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The Hidden Dangers: Why Bitter Almonds are Banned from US Grocery Stores

Why bitter almonds are missing from US grocery stores

Almonds are a popular and versatile nut that can be found in various forms in grocery stores across the United States. However, there is one type of almond that you will never find in these establishments: bitter almonds. In this article, we will explore why bitter almonds are not available in U.S. grocery stores and the potential dangers associated with their consumption.

Understanding the difference: Sweet Almonds vs. Bitter Almonds

While almonds may seem like one simple nut, there are actually distinct differences between sweet almonds and bitter almonds. Sweet almonds, which are commonly found on grocery store shelves in the U.S., are perfectly safe to eat. Bitter almonds, on the other hand, contain hydrocyanic acid, a byproduct of which is an organic version of cyanide. It is this cyanide content that makes bitter almonds dangerous to eat in their raw form.

Why bitter almonds are sold elsewhere

Interestingly, bitter almonds are readily available and consumed in many other parts of the world, including Asia, the Middle East and Europe. These nuts are often used in non-food products, such as beauty or skin care products, due to their strong aroma. In European cuisine, bitter almonds can also be found in sweet foods such as fruit tarts, marzipan, and cookies. So how is it possible that bitter almonds are commonplace in other countries, but not in U.S. grocery stores?
The answer lies in the high-heat cooking process that transforms bitter almonds from toxic to delicious. This cooking process neutralizes the cyanide content, making the almonds safe for consumption. However, in their raw and uncooked state, bitter almonds pose a significant health risk.

The dangers of eating bitter almonds

Consuming raw, uncooked bitter almonds can have serious consequences. Cyanide poisoning is a possible outcome, which can manifest as breathing difficulties, nervous system failure, and in extreme cases, death. Shockingly, even a small number of bitter almonds can be fatal. It is estimated that as few as seven bitter almonds are enough to kill a child, while an average adult can succumb to the effects after consuming as few as 12 nuts.
Fortunately, distinguishing sweet almonds from bitter almonds is relatively easy. Although the two nuts may look similar, they taste very different. The bitter taste of bitter almonds is a dead giveaway, allowing consumers to avoid accidental ingestion.

The legal status of bitter almonds in the USA

While bitter almond trees are sold as ornamental trees in the United States, the sale of their nuts for consumption or any other use is strictly prohibited by law. This regulation ensures the safety of consumers and protects them from the potential risks associated with bitter almonds. However, it is worth noting that some restaurants in Los Angeles have chefs who forage for bitter almonds from wild trees. These daring chefs incorporate the nuts into a variety of dishes, including ice cream, panna cotta, cobbler, bread pudding, and other sweets.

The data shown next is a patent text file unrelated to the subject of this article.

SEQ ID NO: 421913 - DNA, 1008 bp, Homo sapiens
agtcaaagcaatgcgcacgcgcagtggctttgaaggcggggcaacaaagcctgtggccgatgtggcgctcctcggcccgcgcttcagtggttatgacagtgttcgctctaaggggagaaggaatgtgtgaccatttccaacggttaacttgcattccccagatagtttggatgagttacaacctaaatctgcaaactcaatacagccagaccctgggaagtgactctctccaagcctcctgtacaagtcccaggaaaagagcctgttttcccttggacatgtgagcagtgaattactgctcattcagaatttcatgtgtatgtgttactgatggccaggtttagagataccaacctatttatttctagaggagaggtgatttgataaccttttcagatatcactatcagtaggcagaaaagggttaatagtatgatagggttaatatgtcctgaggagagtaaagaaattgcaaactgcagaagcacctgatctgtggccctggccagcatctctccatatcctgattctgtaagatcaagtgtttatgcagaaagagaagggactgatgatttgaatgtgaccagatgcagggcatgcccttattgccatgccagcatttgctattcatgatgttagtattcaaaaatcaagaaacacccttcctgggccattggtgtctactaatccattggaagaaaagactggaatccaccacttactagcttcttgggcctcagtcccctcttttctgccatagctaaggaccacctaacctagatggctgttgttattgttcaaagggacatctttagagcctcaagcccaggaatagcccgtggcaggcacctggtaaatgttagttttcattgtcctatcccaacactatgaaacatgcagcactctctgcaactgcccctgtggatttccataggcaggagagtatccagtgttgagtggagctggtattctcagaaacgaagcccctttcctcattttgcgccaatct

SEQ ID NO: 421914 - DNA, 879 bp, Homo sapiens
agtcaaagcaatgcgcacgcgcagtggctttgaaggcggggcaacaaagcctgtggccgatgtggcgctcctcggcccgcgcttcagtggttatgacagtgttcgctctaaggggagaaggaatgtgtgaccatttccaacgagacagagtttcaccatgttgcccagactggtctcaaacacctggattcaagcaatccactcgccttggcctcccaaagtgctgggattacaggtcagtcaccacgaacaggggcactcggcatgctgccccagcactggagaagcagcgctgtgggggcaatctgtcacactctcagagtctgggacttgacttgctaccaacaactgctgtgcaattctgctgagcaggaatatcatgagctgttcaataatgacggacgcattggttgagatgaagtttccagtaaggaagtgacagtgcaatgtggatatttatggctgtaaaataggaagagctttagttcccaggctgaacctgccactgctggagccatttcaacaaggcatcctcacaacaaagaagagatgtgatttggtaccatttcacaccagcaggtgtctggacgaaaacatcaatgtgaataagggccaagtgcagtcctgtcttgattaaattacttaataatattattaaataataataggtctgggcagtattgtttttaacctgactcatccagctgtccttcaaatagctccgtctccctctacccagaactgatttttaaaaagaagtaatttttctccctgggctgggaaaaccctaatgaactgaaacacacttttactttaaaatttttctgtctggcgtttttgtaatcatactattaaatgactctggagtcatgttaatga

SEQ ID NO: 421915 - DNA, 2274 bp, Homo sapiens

Bottom line

In summary, bitter almonds are conspicuously absent from U.S. grocery stores due to their potential health hazards. The cyanide content in these nuts makes them dangerous to eat in their raw form. While bitter almonds are widely available and consumed in other parts of the world, they are banned from sale for consumption in the United States. As a consumer, it is important to know the difference between sweet and bitter almonds to ensure your safety. Enjoy the variety of almonds available in U.S. grocery stores, but always use caution when handling unfamiliar nuts.


Bitter almonds are not available in U.S. grocery stores due to their high cyanide content, which poses potential health risks if consumed raw.

Can bitter almonds be found in any food products in the U.S.?

No, bitter almonds are not commonly found in foods in the U.S. due to their toxicity. However, some restaurants in Los Angeles may incorporate bitter almonds into dishes if proper cooking and preparation techniques are used.

What are the dangers of eating bitter almonds?

Eating raw, uncooked bitter almonds can lead to cyanide poisoning, which can cause breathing difficulties, nervous system failure, and even death. Even a small amount of bitter almonds can be fatal.

How can I tell sweet almonds from bitter almonds?

Although sweet almonds and bitter almonds look similar, they taste very different. Bitter almonds have a distinctly bitter taste, which is a clear indication of their identity. Always rely on taste to distinguish between the two types of almonds.

Are there any legal restrictions on the sale of bitter almonds in the U.S.?

Yes, the sale of bitter almonds for consumption or any other use is illegal in the United States. Bitter almond trees may be sold as ornamental trees, but the nuts themselves may not be sold for consumption.

Are there alternatives to bitter almonds in recipes that call for their unique flavor?

Yes, there are alternatives for recipes that require the distinctive flavor of bitter almonds. Almond extract, which is made from sweet almonds, can be used to provide a similar flavor profile. In addition, other ingredients such as apricot kernels or cherry pits can provide a similar bitter note, although they should be used with caution due to their own potential toxicity.

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